I wrote the following article for Fujitsu ScanSnap recently about the 3 things that steal your productivity in your office. I hope you'll find some tips or ideas to spur you on to a more productive office environment.
As a Certified Professional Organizer (CPO) I consistently see the same three productivity issues in offices: paper, clutter and time. By implementing some simple changes, you will be able to enjoy a more organized, productive home office.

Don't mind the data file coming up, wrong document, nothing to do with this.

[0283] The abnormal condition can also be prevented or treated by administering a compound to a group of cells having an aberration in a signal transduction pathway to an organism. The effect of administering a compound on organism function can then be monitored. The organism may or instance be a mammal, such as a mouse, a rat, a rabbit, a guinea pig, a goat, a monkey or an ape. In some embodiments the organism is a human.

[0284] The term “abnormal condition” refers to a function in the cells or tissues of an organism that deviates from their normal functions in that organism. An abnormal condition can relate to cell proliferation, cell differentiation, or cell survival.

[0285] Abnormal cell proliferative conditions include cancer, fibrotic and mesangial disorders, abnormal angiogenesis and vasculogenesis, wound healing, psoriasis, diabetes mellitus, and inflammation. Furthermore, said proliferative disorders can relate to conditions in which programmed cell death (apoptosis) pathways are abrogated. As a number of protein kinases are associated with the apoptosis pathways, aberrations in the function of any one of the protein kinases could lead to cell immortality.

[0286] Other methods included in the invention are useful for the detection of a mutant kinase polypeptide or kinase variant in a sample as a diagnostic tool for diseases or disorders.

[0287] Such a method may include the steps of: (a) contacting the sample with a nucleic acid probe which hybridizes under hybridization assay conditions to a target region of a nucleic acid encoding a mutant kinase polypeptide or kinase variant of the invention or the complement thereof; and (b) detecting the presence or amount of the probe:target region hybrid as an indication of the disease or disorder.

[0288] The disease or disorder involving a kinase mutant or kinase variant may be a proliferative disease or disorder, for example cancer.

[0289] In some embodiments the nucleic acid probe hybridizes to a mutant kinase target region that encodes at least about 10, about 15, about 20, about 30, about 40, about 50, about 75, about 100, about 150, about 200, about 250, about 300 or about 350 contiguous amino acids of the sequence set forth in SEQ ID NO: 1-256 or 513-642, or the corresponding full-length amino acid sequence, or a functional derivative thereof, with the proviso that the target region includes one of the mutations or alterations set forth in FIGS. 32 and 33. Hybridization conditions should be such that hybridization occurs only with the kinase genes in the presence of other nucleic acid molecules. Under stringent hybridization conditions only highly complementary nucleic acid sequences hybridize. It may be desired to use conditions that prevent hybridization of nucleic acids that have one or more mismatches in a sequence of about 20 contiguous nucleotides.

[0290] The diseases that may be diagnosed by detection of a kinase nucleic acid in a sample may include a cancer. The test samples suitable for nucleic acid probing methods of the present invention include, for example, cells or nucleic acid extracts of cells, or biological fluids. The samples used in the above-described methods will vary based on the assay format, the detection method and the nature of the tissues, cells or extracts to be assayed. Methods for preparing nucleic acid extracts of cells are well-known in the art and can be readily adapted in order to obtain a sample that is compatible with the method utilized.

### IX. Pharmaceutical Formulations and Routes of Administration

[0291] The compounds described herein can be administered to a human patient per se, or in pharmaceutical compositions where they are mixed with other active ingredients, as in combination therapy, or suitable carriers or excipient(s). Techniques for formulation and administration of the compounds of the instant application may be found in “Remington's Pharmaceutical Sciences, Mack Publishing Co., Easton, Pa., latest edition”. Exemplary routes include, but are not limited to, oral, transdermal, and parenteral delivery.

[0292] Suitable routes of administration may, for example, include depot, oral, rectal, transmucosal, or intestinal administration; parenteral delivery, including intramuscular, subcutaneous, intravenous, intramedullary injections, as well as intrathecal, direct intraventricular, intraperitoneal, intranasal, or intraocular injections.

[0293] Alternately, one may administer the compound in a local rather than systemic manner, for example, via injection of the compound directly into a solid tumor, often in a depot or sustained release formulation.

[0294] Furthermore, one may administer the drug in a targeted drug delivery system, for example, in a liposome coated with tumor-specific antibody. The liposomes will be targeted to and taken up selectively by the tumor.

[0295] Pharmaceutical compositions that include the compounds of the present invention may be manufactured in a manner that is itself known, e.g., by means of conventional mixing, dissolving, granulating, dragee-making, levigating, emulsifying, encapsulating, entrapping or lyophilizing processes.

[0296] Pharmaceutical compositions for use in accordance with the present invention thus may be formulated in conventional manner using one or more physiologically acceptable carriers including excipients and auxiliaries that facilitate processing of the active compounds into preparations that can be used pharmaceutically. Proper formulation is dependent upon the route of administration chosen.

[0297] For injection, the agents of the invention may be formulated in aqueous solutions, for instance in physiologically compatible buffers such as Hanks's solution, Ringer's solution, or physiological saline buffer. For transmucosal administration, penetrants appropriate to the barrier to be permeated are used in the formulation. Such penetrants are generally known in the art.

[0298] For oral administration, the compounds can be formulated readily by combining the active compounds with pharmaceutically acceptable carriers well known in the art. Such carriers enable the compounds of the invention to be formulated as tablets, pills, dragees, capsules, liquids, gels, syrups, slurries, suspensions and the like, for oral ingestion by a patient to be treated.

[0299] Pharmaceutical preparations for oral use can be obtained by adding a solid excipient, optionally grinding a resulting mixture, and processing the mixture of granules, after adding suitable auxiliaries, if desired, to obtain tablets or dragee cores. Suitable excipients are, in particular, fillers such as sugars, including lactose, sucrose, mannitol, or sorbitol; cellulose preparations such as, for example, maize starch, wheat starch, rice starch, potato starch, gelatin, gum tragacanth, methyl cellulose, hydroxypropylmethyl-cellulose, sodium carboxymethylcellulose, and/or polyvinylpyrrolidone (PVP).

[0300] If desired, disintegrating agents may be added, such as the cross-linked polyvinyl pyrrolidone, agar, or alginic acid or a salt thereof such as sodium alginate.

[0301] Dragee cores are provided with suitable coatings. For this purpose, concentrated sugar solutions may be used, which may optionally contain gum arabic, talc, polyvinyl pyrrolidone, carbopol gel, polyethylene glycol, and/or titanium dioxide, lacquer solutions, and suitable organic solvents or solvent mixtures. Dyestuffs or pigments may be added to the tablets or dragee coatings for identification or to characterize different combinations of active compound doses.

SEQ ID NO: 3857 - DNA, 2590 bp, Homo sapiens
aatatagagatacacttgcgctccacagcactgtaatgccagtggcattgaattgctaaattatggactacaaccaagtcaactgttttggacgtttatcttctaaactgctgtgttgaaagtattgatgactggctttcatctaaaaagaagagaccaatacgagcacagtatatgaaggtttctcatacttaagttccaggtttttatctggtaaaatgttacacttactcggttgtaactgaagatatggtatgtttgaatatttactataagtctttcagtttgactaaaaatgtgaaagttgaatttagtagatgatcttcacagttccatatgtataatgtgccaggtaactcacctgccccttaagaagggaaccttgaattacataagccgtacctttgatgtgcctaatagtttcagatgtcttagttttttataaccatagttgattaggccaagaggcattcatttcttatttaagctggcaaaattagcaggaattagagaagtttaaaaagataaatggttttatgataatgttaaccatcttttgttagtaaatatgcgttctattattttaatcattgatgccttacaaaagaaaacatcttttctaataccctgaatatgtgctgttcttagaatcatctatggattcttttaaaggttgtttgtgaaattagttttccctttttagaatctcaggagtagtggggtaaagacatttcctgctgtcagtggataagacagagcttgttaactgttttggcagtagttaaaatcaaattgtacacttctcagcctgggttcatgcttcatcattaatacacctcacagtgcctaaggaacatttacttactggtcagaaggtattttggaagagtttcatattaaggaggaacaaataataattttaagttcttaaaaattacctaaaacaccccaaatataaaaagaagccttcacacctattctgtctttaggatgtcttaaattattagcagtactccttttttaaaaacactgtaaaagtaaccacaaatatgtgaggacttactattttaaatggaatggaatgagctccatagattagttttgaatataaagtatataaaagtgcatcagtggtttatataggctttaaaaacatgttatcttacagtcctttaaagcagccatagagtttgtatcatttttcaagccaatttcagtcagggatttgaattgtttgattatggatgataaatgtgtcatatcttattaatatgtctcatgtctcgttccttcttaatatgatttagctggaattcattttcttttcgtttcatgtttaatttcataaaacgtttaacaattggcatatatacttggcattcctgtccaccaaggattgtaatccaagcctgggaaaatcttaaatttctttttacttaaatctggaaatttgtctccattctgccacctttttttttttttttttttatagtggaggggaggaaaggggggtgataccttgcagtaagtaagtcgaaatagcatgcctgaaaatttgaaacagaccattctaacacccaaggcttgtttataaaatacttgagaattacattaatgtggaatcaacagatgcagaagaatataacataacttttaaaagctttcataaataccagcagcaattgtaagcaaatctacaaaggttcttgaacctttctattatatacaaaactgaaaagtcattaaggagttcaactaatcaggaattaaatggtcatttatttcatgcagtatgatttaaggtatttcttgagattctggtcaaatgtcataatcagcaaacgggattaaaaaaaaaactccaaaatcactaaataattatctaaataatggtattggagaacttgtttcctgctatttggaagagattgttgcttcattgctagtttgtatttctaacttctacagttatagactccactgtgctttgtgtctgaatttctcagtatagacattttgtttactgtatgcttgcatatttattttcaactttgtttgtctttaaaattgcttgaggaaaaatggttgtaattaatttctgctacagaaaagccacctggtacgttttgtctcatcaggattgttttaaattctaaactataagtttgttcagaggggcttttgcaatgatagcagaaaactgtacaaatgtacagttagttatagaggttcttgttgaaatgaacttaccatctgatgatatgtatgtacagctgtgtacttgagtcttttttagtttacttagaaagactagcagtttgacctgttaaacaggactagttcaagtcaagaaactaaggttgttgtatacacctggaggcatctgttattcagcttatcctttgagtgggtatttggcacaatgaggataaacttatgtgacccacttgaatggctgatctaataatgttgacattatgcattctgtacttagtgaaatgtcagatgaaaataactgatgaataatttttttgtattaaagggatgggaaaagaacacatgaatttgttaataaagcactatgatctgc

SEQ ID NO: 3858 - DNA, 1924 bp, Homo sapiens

A. PaperThe question I most often hear regarding paper is, "Should I have a paper or paperless filing system?" This is a personal choice with many variables, but which ever you choose, a good file system is a must. Your paper needs to be organized in a way that you can retrieve what you need quickly. In a paperless system, scanning allows for quick retrieval because the computer can do the searching for you. In a paper system, you do the searching so you must have a consistent set of guidelines for how you file each document: title, category, number or key word. I have used Paper Tiger and Freedom Filer as well as a basic category system. The key is, choose a file system and stick with it!Purging is the key to keeping your files usable and accessible. Before filing a paper, identify whether it is a permanent file or a temporary file. EX: car titles are permanent, but car registrations are temporary. Temporary files are easy to purge: simply remove any document already in the file before filing the new document. This keeps your files up to date without having to do a major purge. Then, schedule a 5 minute appointment with yourself each day to deal with paper. This will keep your paper under control and keep your desk area clear.